12 V 1.99: UCF 2007, NumPy Students mixed, some Cornell-level, 6 students Removed 30% of class assignments Switched to NumPy NumPy docs not good, few books, poor reference Much larger codebase than IDL, but not integrated Students worked like dogs, 15 hours/week HW No undergrad finished the project (all grads did)‏ Rescoped class in final weeks Graded on basis of 2008 plan All students well prepared for research (!)‏

13 Lessons The better students were similar! All were capable. Given Guide to NumPy, web site, mailing lists, me, sources, astro tutorial, encouraged to work together BUT: Often spent 2 hours to find and learn a simple routine Students (and I) put heroic effort into class All bombed, even experienced programmers Function docs not even poor; mostly nonexistent Grads and I learned NumPy by induction from IDL Undergrads lost What to do for 2008? Must either have docs or go back to IDL (Noooo ooo...)‏

14 If I can't find a reindeer, I'll make one instead. -T. Grinch, 1957 Except I'm a pre-tenure prof Research very active, time very constrained Saw what happened to Travis O., expected same Resources: Community Some surplus funding Experience and skill as a communicator About 8 months

15 Requirements - General Reference pages and manual Tutorial user guide Quick “Getting Started” guide Topic-specific user guides Examples that work “Live” collection of worked examples (cookbook)‏ Tools to view and search docs interactively Variety of access methods (help(), web, PDF, etc.)‏ Mechanisms for community input and management NumPy, then SciPy, then others

16 Requirements - Reference Reference page per function/class (“docstrings”)‏ Thorough, complete, professional text Accessible one level below expected user Examples, crossrefs, math, images (limited)‏ Pages for general topics Glossary Slicing, broadcasting, indexing Reference manual Organized by topic areas Index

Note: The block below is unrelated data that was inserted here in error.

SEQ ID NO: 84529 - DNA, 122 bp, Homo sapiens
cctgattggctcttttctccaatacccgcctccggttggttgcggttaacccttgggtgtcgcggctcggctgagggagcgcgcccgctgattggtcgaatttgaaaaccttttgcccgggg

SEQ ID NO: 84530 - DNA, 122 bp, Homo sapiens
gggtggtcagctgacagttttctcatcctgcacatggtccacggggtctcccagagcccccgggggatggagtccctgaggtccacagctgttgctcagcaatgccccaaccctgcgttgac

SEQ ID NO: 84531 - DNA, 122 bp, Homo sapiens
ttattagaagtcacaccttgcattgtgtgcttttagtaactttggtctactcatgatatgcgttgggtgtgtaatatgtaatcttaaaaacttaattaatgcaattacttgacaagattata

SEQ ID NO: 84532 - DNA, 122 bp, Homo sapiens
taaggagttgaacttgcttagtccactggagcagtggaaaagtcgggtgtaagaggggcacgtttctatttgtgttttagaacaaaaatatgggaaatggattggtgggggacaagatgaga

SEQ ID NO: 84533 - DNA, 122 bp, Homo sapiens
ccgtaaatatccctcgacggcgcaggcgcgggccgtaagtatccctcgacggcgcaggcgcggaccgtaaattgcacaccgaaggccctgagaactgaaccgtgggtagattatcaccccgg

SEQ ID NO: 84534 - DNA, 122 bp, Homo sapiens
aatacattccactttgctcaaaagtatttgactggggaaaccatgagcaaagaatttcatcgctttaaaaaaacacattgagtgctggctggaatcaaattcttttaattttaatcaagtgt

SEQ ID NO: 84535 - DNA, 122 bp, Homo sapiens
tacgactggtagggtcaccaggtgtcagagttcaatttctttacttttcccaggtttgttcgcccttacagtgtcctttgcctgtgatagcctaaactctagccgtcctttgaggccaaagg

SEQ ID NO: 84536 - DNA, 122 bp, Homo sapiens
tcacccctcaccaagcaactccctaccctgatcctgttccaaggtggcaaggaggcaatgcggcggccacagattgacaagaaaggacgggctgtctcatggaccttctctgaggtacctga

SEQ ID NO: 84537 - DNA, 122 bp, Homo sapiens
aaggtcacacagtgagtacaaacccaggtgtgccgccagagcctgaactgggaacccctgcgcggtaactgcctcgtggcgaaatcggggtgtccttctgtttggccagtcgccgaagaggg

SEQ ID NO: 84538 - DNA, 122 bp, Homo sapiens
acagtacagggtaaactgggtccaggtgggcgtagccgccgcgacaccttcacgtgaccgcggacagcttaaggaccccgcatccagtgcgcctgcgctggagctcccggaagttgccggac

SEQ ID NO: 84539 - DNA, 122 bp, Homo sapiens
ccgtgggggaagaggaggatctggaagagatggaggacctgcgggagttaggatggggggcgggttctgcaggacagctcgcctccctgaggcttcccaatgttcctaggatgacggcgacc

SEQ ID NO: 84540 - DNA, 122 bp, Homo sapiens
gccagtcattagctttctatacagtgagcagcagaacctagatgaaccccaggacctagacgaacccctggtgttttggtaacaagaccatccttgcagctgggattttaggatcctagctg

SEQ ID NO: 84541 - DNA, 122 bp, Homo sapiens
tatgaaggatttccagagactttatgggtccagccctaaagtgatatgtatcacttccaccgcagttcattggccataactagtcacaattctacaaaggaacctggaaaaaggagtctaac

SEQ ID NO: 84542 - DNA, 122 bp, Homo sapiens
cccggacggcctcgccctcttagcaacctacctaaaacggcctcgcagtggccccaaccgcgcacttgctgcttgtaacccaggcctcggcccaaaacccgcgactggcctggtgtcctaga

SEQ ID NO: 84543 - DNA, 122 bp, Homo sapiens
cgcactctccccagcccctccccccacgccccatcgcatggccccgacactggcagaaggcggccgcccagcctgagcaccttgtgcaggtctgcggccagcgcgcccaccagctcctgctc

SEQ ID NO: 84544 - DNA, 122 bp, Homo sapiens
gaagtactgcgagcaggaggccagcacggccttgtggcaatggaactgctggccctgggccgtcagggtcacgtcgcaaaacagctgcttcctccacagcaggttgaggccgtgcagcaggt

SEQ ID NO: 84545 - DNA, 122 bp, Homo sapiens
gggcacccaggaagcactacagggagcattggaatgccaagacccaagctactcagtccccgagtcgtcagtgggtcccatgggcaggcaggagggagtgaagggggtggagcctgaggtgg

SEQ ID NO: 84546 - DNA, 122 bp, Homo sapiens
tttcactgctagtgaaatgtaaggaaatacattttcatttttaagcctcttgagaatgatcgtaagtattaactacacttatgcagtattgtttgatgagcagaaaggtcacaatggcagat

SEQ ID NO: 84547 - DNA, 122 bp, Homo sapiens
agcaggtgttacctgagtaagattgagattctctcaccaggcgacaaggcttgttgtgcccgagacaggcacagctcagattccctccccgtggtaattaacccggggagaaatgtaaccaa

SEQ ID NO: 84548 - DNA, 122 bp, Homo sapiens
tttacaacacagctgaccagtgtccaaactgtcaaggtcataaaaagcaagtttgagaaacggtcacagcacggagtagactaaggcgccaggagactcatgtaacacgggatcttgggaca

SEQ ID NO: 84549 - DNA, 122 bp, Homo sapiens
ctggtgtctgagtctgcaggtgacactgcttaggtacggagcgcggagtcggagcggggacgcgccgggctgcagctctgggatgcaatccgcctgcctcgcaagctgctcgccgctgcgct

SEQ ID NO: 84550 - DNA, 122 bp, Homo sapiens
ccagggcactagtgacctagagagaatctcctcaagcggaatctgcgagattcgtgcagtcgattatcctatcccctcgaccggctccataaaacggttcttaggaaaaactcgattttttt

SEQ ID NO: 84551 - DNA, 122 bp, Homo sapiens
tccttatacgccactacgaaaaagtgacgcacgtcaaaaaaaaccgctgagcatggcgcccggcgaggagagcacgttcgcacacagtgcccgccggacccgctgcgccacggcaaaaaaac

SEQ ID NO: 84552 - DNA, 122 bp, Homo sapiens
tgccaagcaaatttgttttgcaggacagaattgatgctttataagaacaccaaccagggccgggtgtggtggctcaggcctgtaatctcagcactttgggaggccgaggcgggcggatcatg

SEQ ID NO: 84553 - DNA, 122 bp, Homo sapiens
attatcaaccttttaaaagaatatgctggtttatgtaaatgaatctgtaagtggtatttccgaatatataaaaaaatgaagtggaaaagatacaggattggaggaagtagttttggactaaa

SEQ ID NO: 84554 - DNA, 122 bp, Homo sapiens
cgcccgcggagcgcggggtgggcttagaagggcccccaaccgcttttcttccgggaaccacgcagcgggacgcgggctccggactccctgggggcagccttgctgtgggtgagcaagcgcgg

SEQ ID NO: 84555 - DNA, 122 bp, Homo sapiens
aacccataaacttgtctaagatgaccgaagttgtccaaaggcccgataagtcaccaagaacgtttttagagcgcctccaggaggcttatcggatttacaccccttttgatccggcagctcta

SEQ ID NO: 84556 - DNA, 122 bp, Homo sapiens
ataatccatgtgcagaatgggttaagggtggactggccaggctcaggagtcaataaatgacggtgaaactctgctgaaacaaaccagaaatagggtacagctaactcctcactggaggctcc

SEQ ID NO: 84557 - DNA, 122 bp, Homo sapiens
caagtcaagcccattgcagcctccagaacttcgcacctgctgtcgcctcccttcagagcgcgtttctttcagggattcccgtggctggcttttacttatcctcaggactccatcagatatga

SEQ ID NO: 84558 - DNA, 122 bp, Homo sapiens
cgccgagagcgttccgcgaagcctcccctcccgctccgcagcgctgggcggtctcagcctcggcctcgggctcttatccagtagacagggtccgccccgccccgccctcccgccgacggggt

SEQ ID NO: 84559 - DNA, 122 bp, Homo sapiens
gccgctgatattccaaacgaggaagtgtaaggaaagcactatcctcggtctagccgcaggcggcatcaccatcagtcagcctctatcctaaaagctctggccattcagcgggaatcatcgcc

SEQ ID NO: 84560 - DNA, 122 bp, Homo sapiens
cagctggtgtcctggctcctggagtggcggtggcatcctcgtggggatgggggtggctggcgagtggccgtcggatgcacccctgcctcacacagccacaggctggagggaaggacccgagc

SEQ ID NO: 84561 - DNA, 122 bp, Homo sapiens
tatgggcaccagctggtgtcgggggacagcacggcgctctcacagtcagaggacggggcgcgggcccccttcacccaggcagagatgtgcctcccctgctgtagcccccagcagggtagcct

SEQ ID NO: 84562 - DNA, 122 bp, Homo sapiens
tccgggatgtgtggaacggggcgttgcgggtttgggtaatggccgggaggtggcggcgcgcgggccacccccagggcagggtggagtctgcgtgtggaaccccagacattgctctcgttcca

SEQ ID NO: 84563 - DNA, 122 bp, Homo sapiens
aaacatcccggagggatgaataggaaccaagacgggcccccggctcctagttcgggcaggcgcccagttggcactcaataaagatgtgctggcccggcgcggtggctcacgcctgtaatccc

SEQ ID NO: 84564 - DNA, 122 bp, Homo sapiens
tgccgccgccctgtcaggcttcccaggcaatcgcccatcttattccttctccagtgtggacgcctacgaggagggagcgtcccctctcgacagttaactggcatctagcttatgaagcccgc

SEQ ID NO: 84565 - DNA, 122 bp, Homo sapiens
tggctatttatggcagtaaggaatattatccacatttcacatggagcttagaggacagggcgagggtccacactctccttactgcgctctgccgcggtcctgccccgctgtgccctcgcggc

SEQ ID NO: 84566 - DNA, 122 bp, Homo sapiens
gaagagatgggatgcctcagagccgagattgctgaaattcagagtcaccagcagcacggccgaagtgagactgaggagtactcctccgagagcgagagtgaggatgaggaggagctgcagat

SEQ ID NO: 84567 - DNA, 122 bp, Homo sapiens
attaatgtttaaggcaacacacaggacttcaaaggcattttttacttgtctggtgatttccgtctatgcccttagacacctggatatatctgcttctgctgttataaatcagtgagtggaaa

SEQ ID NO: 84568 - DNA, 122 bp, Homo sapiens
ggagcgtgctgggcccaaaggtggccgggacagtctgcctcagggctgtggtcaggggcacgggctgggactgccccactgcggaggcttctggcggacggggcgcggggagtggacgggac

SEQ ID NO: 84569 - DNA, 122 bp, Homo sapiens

17 General Timeline Infrastructure Doc wiki (and SVN link, stats, reviews, etc.)‏ Templates and standards Indexing, math, image mechanisms in ReST Produce text, PDF, HTML automatically NumPy Reference (functions/objects, topic pages)‏ Getting Started Guide Tutorial Reading tools beyond help(), browsers, PDF readers SciPy ( yikes )‏

18 Milestones NumPy is big – page triage, UCF course funcs first! 2008 Fall semester: NumPyI 50%+ to first draft 2009 Summer end: NumPyI 100% to first draft Early 2010: NumPyI Proofed 2010: SciPy...

19 Organization Leerless Feeder: jh – organization, plans, standards and processes, funding, whip, person who will die if this fails... Reliable and available expert (on UCF contract): Stéfan van der Walt – interface with SVN, PDF and HTML, standards and processes, wiki, chief writer, the one person I could dump on mercilessly... Emmanuelle Guillart – wiki, wiki hosting Pauli Virtanen – wiki, writing Perry Greenfield – numpy.doc pages About 40 grad/PhD-level volunteer doc writers!

20 How to pay? Shirts! Write 1000 words or do equivalent work Wiki Reviewing Proofing Now or later (we'll mail)‏ Offer good until we withdraw it Don't be an “expert” Tell us the size you want Not the list of all possible sizes you could wear!

21 Results – Summer 2008 Quality is high! Lots of examples, and they work. PDF doc has 309 printed pages Doc wiki is your best source for docstrings! docs.scipy.org

22 V 2.0: UCF, NumPy Now have docs! Simpler undergrad project Grads have old undergrad project Again mix of levels, 6 students Worked up to 9 hours/week on HW, most less All who tried, finished All did decent to excellent projects Major epiphany occurred in class! Students excited to learn, positive attitude Students well prepared to do research

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27 Observations NumPy (w/ docs) learned much faster than IDL Students who already program Do best in course Work least in course Hardest to teach good programming habits to HUGE grading load: 15-60 min/student/week How to scale to larger class? Only fully grade some work Peer evaluation (as HW assignment?)‏ No matter what happened, ultimate goal met Doing is learning

28 What's Next? Course requires calculus Success predictor is programming 1980s/90s students knew much more than today's Freshmen need to do research, can't yet take course Why not teach programming for science in year 1? Basic interactive command line Plot, visualize equations or data Run routines on data Basics of programming Tell all their profs to assign vis. and calc probs Students will build their knowledge in all classes